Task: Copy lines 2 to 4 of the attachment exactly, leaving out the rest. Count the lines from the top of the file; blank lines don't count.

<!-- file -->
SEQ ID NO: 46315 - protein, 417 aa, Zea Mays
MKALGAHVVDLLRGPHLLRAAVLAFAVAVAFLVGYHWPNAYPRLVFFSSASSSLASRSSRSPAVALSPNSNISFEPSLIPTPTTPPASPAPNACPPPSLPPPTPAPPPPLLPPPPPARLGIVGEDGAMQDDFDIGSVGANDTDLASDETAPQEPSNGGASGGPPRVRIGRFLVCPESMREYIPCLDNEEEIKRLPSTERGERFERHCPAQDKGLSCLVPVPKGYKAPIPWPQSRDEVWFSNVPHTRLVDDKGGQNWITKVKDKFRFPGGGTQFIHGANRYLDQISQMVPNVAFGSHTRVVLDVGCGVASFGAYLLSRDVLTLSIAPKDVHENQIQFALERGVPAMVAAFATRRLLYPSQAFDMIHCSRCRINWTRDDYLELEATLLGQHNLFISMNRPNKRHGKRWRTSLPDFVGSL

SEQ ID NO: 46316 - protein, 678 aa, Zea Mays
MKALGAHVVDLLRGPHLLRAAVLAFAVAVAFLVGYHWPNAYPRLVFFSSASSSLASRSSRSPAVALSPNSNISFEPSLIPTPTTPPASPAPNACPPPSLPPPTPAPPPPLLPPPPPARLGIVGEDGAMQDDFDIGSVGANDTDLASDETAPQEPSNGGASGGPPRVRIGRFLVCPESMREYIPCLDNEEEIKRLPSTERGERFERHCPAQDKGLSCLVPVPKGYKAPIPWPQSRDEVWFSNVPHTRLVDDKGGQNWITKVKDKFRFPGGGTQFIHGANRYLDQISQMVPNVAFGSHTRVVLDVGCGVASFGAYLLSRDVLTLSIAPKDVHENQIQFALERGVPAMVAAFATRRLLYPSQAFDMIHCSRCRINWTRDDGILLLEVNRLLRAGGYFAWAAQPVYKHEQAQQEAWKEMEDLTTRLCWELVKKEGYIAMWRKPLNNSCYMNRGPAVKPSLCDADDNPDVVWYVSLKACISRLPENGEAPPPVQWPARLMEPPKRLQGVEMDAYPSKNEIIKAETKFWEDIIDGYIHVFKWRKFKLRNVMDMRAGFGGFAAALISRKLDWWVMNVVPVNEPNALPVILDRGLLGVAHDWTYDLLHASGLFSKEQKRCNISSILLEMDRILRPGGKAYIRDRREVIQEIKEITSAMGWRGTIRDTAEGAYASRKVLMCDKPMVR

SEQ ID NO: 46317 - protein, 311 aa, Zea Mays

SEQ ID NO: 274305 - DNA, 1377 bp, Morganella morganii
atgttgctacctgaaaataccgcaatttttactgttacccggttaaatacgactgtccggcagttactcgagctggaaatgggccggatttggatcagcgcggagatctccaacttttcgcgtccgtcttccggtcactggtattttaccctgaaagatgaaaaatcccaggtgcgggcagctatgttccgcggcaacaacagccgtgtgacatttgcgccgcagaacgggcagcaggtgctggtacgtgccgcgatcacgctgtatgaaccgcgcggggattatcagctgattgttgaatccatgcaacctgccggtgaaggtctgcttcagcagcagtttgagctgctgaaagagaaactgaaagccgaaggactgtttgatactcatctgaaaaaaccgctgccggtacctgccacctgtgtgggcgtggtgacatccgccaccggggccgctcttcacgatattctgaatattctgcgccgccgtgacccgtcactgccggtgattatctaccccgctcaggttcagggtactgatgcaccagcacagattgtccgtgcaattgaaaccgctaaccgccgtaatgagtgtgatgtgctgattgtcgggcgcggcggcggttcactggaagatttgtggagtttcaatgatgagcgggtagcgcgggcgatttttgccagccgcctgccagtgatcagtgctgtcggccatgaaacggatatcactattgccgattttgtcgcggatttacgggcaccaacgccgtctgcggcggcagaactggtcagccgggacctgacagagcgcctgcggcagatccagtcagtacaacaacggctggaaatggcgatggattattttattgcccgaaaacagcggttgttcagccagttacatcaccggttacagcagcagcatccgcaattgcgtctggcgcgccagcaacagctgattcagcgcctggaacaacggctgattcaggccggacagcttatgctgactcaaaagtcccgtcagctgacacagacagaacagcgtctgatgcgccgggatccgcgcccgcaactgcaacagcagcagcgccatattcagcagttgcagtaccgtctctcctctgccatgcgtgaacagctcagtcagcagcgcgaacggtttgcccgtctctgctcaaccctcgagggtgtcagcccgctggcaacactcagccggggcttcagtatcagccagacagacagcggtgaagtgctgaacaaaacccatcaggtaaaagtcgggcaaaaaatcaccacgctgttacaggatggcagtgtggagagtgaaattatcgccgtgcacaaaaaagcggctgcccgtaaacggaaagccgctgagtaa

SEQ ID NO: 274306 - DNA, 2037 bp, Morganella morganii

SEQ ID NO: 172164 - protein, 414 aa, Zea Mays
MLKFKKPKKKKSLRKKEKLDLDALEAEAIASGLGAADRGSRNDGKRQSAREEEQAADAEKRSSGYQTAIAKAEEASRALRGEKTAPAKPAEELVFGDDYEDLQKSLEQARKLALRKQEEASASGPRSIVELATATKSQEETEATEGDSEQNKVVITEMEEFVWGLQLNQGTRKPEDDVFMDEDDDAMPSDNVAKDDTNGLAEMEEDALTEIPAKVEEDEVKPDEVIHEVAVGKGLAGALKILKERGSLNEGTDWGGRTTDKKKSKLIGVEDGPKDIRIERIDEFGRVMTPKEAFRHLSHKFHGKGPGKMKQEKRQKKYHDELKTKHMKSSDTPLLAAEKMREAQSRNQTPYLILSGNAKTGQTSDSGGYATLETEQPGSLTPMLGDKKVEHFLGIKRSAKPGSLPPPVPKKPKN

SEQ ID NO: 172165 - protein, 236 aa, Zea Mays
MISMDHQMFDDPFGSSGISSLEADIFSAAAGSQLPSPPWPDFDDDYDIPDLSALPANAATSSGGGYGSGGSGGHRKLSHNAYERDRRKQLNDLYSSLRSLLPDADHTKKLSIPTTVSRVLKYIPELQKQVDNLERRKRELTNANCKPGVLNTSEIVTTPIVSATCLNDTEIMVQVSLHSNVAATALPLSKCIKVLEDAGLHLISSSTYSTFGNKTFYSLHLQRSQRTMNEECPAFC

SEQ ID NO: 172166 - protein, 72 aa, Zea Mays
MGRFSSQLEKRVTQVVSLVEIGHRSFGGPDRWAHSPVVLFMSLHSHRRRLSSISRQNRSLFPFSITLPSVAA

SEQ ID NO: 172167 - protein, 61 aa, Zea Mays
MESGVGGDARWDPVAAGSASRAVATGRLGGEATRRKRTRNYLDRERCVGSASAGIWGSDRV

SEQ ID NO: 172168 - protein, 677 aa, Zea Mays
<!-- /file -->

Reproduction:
MKALGAHVVDLLRGPHLLRAAVLAFAVAVAFLVGYHWPNAYPRLVFFSSASSSLASRSSRSPAVALSPNSNISFEPSLIPTPTTPPASPAPNACPPPSLPPPTPAPPPPLLPPPPPARLGIVGEDGAMQDDFDIGSVGANDTDLASDETAPQEPSNGGASGGPPRVRIGRFLVCPESMREYIPCLDNEEEIKRLPSTERGERFERHCPAQDKGLSCLVPVPKGYKAPIPWPQSRDEVWFSNVPHTRLVDDKGGQNWITKVKDKFRFPGGGTQFIHGANRYLDQISQMVPNVAFGSHTRVVLDVGCGVASFGAYLLSRDVLTLSIAPKDVHENQIQFALERGVPAMVAAFATRRLLYPSQAFDMIHCSRCRINWTRDDYLELEATLLGQHNLFISMNRPNKRHGKRWRTSLPDFVGSL

SEQ ID NO: 46316 - protein, 678 aa, Zea Mays
MKALGAHVVDLLRGPHLLRAAVLAFAVAVAFLVGYHWPNAYPRLVFFSSASSSLASRSSRSPAVALSPNSNISFEPSLIPTPTTPPASPAPNACPPPSLPPPTPAPPPPLLPPPPPARLGIVGEDGAMQDDFDIGSVGANDTDLASDETAPQEPSNGGASGGPPRVRIGRFLVCPESMREYIPCLDNEEEIKRLPSTERGERFERHCPAQDKGLSCLVPVPKGYKAPIPWPQSRDEVWFSNVPHTRLVDDKGGQNWITKVKDKFRFPGGGTQFIHGANRYLDQISQMVPNVAFGSHTRVVLDVGCGVASFGAYLLSRDVLTLSIAPKDVHENQIQFALERGVPAMVAAFATRRLLYPSQAFDMIHCSRCRINWTRDDGILLLEVNRLLRAGGYFAWAAQPVYKHEQAQQEAWKEMEDLTTRLCWELVKKEGYIAMWRKPLNNSCYMNRGPAVKPSLCDADDNPDVVWYVSLKACISRLPENGEAPPPVQWPARLMEPPKRLQGVEMDAYPSKNEIIKAETKFWEDIIDGYIHVFKWRKFKLRNVMDMRAGFGGFAAALISRKLDWWVMNVVPVNEPNALPVILDRGLLGVAHDWTYDLLHASGLFSKEQKRCNISSILLEMDRILRPGGKAYIRDRREVIQEIKEITSAMGWRGTIRDTAEGAYASRKVLMCDKPMVR